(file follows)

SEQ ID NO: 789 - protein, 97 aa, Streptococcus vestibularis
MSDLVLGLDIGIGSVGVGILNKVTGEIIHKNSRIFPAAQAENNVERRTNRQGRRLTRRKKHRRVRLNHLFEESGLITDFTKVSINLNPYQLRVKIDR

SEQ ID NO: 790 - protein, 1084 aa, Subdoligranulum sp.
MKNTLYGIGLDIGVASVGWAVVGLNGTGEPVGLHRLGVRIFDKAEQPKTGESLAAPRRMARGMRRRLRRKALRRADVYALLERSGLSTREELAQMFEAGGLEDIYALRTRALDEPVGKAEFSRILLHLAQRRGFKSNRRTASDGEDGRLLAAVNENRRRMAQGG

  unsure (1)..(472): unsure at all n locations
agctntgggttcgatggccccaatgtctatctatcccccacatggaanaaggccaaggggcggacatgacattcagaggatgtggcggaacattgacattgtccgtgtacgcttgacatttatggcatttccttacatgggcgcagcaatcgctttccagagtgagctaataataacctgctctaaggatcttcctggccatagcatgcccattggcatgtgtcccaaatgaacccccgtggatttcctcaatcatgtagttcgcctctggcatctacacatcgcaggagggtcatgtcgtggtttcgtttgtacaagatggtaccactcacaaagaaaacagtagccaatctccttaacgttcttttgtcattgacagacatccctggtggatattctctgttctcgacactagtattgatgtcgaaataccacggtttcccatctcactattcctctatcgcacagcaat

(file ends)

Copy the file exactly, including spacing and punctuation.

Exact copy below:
SEQ ID NO: 789 - protein, 97 aa, Streptococcus vestibularis
MSDLVLGLDIGIGSVGVGILNKVTGEIIHKNSRIFPAAQAENNVERRTNRQGRRLTRRKKHRRVRLNHLFEESGLITDFTKVSINLNPYQLRVKIDR

SEQ ID NO: 790 - protein, 1084 aa, Subdoligranulum sp.
MKNTLYGIGLDIGVASVGWAVVGLNGTGEPVGLHRLGVRIFDKAEQPKTGESLAAPRRMARGMRRRLRRKALRRADVYALLERSGLSTREELAQMFEAGGLEDIYALRTRALDEPVGKAEFSRILLHLAQRRGFKSNRRTASDGEDGRLLAAVNENRRRMAQGG

  unsure (1)..(472): unsure at all n locations
agctntgggttcgatggccccaatgtctatctatcccccacatggaanaaggccaaggggcggacatgacattcagaggatgtggcggaacattgacattgtccgtgtacgcttgacatttatggcatttccttacatgggcgcagcaatcgctttccagagtgagctaataataacctgctctaaggatcttcctggccatagcatgcccattggcatgtgtcccaaatgaacccccgtggatttcctcaatcatgtagttcgcctctggcatctacacatcgcaggagggtcatgtcgtggtttcgtttgtacaagatggtaccactcacaaagaaaacagtagccaatctccttaacgttcttttgtcattgacagacatccctggtggatattctctgttctcgacactagtattgatgtcgaaataccacggtttcccatctcactattcctctatcgcacagcaat